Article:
We are Brad and Mindy, and we live in Laramie, Wyoming. We have been married since 2011, and have three beautiful children: Isidora, Lydia, and Isaac. They range from 3-6 years of age, so we have a lot of fun and stress in our lives.
As Orthodox Christians, we know it’s not easy being Orthodox in today’s world, especially for our Orthodox youth. Orthodoxy is a mystery to so many people in America, mainly because of how America came to be from a religious perspective. The practices and theology of Orthodoxy is extremely foreign to most Americans, and anyone who has ever been in a conversation with another person (whether an atheist or another Christian outside of Orthodoxy) knows what I’m talking about here. That’s where this blog site comes in. It essentially has one main purpose: to help keep our Orthodox youth grounded in their faith by providing content through fictional stories on various topics about Orthodox theology. With that being said, let us be clear – we do not consider ourselves in any way to be qualified to undertake such a task as to instruct others on Orthodoxy, of which, we ourselves fall short of daily. So, then why are we seeming to contradict ourselves here? Well, that’s a fair question to ask, and it deserves nothing short of an honest answer.
I, Brad, was born and raised a Baptist, and eventually discovered Orthodoxy while I was security contracting in Afghanistan. The reason I mentioned that is because I was deployed often, and had nothing but time on my hands. You see, while I was away doing security work eight hours a day, and spending the rest of my day reading Orthodox theology non-stop. From books to website resources – anything I could get my hands on. I was nothing short of obsessed with uncovering the entire history and theology of the Orthodox Christian Church. Meanwhile, my wife, Mindy, was at home raising our children, of which, I am incredibly grateful for. She is truly the strongest woman I’ve ever known. So, as I gained all this information about our Orthodox faith, I would somehow find myself in multiple conversations about various aspects of Orthodox theology with my fellow co-workers overseas, of which, had all different kinds of backgrounds ranging from Christians to atheists, and everything in between. I talked to guys who didn’t have much knowledge on topics of theology to guys who were protestant pastors. I even, on multiple occasions, would talk to a Mullah (a Muslim priest) about Islam and Christianity. I kid you not! I had so much fun, and loved every second of the conversations I had. And to be clear – these conversations were not debates! Far from it. I’ll admit, as a protestant, I would always fall into debates, but when I became Orthodox, somehow, I put all that behind me. I never got in a debate with anyone, it was always an edifying discussion, and yes, sometimes those discussions got heated, and we would have to agree to disagree, but it was always in a spirit of love.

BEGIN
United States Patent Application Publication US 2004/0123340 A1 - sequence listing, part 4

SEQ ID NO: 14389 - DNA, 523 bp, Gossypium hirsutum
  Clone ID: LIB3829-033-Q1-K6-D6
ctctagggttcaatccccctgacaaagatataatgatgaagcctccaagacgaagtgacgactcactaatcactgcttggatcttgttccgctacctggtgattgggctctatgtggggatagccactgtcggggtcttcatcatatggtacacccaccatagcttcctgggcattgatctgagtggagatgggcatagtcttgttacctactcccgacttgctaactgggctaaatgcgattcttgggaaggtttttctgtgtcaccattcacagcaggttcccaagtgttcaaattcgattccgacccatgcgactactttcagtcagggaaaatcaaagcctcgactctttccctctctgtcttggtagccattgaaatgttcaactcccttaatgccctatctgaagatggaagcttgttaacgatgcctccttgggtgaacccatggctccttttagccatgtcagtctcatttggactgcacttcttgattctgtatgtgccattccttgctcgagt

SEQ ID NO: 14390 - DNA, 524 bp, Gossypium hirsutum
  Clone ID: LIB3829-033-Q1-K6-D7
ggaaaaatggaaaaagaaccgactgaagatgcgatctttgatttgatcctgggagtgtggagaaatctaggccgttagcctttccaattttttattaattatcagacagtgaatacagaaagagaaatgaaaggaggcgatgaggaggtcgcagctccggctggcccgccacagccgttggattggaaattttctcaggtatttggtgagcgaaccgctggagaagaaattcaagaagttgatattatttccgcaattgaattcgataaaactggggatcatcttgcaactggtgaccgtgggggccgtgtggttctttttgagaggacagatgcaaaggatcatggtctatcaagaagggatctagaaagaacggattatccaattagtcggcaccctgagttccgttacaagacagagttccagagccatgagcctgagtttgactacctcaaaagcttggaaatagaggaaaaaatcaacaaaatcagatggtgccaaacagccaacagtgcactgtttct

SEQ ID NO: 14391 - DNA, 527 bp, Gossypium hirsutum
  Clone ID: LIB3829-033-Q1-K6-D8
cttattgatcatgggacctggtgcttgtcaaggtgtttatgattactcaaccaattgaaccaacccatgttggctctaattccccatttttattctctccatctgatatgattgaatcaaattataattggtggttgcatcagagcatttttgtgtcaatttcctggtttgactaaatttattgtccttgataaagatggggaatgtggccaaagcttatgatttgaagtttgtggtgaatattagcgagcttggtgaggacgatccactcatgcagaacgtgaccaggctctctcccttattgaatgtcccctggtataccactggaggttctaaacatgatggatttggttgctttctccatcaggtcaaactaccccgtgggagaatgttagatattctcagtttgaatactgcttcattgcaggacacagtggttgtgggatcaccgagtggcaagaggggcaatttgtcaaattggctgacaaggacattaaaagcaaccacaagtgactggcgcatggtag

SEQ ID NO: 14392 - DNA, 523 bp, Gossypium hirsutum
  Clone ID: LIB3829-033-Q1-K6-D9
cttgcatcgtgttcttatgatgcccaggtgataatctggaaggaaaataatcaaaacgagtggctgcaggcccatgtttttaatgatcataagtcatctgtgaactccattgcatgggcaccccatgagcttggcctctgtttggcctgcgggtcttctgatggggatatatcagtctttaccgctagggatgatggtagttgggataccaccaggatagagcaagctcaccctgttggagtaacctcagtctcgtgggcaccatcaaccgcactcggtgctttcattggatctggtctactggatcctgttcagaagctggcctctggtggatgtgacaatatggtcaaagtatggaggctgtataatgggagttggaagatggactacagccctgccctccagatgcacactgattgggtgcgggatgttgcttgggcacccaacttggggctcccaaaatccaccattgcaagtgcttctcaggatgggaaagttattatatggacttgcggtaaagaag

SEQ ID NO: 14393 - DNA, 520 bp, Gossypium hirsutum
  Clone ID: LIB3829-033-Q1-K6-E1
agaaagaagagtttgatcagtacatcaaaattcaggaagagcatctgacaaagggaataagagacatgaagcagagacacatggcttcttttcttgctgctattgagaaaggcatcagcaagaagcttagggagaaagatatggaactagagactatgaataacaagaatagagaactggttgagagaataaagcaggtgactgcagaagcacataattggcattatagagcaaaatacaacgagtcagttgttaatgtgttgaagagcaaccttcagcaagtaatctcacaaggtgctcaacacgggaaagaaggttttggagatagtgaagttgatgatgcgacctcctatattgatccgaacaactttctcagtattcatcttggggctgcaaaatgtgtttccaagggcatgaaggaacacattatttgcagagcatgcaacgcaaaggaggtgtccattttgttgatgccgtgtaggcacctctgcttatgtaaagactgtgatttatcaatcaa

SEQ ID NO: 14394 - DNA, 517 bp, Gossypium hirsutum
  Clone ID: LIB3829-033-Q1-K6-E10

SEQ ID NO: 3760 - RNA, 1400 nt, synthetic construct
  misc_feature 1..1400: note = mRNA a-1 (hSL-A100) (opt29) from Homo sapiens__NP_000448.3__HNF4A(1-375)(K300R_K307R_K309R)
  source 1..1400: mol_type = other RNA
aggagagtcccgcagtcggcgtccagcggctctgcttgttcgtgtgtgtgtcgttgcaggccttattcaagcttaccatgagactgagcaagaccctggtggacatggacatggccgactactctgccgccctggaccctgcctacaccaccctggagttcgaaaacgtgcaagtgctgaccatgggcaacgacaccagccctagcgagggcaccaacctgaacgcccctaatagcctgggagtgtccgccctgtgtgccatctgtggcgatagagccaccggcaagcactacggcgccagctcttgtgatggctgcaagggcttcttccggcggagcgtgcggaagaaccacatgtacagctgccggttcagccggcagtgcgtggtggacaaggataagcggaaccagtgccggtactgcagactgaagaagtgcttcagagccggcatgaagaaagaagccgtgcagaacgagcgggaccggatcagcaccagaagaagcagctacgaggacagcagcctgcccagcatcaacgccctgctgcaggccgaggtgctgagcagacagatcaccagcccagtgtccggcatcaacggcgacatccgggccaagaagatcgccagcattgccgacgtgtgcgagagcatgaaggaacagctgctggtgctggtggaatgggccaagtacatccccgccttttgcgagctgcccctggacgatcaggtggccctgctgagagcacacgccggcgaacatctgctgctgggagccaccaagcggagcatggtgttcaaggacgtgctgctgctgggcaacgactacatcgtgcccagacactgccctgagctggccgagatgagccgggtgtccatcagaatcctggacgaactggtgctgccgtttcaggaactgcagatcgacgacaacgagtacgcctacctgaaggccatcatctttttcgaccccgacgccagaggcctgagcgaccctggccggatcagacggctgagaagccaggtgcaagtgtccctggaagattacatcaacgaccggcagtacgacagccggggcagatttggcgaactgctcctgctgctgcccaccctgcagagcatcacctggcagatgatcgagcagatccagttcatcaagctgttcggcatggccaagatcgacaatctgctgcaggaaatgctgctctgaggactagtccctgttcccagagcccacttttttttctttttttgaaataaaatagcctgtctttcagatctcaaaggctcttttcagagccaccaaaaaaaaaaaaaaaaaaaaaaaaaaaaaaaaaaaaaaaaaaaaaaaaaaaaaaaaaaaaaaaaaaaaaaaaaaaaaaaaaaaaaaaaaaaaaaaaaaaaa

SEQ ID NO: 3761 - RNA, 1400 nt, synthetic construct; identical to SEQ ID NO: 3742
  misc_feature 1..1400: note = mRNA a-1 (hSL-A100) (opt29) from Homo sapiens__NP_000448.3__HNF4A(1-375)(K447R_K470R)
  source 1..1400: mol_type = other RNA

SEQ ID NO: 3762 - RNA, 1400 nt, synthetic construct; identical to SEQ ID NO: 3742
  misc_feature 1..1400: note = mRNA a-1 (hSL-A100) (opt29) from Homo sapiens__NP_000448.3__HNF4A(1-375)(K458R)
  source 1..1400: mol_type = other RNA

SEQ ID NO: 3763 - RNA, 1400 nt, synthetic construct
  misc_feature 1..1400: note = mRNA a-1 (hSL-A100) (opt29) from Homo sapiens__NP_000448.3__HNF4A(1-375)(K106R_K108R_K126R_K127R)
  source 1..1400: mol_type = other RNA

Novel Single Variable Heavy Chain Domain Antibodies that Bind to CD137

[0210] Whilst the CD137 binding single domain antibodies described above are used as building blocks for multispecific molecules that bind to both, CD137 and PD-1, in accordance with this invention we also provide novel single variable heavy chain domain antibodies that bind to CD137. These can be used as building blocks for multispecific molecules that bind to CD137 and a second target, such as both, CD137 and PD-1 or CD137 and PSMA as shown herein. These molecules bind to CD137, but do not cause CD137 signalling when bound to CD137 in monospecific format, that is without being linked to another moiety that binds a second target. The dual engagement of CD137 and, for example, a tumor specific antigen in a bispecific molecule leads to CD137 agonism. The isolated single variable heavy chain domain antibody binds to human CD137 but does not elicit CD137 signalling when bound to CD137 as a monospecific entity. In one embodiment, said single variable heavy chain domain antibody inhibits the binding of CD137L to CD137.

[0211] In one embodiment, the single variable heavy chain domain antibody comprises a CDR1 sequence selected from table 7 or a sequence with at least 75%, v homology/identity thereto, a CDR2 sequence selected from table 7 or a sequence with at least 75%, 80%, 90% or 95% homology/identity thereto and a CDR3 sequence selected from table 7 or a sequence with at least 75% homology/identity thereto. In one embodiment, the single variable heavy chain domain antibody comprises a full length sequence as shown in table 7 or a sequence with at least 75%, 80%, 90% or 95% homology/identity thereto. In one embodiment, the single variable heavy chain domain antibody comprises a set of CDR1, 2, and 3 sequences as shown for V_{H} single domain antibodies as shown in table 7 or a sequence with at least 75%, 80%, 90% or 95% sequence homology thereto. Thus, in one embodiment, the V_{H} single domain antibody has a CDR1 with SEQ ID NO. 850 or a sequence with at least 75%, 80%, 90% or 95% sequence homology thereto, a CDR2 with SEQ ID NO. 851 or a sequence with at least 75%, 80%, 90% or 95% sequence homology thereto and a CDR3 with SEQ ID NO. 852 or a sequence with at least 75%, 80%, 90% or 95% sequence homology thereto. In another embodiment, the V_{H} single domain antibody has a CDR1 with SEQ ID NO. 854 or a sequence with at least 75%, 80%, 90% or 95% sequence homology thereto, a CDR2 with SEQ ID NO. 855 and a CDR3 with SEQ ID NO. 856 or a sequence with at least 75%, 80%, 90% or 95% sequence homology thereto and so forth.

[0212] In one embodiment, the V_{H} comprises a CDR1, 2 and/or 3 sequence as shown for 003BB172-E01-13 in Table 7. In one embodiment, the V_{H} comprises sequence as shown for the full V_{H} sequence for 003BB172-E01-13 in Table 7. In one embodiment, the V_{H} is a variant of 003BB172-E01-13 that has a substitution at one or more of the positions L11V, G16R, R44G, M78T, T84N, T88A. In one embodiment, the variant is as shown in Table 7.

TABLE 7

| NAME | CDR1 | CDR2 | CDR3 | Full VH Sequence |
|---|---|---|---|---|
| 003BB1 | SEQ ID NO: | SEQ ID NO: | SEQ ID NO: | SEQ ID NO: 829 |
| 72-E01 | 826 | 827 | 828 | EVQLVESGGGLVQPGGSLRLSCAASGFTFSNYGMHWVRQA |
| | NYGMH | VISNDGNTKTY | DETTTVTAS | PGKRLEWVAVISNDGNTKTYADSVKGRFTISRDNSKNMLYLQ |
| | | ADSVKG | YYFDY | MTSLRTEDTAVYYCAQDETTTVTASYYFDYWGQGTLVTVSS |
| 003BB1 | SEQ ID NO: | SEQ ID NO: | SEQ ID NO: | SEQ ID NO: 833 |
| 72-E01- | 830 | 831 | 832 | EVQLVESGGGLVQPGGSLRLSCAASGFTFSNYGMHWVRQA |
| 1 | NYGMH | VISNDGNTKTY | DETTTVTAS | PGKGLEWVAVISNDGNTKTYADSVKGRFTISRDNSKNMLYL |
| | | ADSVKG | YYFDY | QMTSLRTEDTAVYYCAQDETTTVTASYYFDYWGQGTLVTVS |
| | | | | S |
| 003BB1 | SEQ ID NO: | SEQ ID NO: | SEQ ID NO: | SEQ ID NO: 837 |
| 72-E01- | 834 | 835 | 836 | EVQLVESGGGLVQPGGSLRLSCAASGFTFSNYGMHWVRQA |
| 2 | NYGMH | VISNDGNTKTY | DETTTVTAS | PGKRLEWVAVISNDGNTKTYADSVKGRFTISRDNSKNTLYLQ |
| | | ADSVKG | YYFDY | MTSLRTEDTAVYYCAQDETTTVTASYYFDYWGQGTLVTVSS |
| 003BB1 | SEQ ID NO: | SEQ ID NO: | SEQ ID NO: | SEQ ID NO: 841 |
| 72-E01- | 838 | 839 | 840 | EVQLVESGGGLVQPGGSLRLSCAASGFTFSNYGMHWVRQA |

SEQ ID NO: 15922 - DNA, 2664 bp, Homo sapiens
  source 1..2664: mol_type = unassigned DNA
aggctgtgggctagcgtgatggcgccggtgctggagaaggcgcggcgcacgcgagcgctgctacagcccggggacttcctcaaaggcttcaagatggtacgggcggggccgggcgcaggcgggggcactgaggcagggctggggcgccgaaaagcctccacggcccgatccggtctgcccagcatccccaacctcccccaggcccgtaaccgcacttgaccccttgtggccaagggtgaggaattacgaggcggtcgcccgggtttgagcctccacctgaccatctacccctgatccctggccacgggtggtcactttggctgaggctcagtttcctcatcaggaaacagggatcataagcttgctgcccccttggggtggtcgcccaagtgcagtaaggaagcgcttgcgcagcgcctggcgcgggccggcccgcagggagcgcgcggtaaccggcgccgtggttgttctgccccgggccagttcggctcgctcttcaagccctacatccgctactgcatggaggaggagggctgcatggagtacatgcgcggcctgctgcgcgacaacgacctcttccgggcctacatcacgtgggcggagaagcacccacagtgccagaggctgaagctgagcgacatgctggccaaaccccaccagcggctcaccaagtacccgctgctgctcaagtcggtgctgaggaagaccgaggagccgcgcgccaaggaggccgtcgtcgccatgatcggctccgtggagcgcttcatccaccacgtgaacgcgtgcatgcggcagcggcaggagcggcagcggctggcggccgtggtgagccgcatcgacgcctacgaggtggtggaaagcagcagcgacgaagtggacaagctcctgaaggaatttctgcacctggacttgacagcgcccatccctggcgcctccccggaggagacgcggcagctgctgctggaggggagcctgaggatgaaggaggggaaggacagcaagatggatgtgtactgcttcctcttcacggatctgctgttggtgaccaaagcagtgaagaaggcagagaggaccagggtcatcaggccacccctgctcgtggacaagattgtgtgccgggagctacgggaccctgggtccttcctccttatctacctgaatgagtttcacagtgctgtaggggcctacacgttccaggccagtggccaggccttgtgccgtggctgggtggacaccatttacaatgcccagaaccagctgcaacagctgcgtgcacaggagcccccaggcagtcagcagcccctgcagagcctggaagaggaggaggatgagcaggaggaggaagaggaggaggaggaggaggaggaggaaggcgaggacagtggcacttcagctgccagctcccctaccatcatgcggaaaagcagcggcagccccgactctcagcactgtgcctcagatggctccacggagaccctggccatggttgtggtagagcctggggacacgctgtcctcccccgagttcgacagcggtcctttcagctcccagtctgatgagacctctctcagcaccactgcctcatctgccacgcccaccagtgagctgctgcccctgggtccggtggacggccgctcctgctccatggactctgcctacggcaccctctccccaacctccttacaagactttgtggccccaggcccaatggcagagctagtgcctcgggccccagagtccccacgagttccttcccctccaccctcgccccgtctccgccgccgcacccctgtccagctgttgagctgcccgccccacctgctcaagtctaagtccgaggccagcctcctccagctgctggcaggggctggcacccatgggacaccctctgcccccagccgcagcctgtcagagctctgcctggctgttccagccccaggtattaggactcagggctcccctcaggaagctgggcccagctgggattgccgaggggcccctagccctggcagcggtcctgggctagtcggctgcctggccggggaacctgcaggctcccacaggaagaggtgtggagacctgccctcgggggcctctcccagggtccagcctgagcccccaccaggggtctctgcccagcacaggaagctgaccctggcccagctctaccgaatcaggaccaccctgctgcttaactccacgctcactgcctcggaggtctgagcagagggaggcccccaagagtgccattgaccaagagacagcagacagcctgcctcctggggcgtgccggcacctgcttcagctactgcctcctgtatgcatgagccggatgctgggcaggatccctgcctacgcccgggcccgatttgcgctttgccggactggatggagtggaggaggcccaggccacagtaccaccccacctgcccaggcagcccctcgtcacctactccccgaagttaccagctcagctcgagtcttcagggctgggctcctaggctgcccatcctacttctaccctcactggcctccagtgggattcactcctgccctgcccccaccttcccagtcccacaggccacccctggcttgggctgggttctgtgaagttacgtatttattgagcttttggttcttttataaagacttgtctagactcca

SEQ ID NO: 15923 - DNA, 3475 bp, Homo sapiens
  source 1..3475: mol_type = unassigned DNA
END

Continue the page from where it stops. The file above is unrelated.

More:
I quit going overseas in December 2015, and in the few years now that I’ve been back home living in America, I’ve realized something. That is, that most Orthodox do not know the answers to their own faith if asked or confronted by a protestant or anyone for that matter. To be honest, this was quite shocking to me because I’ve always felt it was important to know and understand what you believe – and be able to speak somewhat intelligently about those beliefs. As St. Peter tells us, “…always be ready to give a defense to everyone who asks you a reason for the hope that is in you with meekness and fear” (1 Peter 3:15). But like I said, Orthodox theology can be quite daunting, but at the same time, it doesn’t have to be.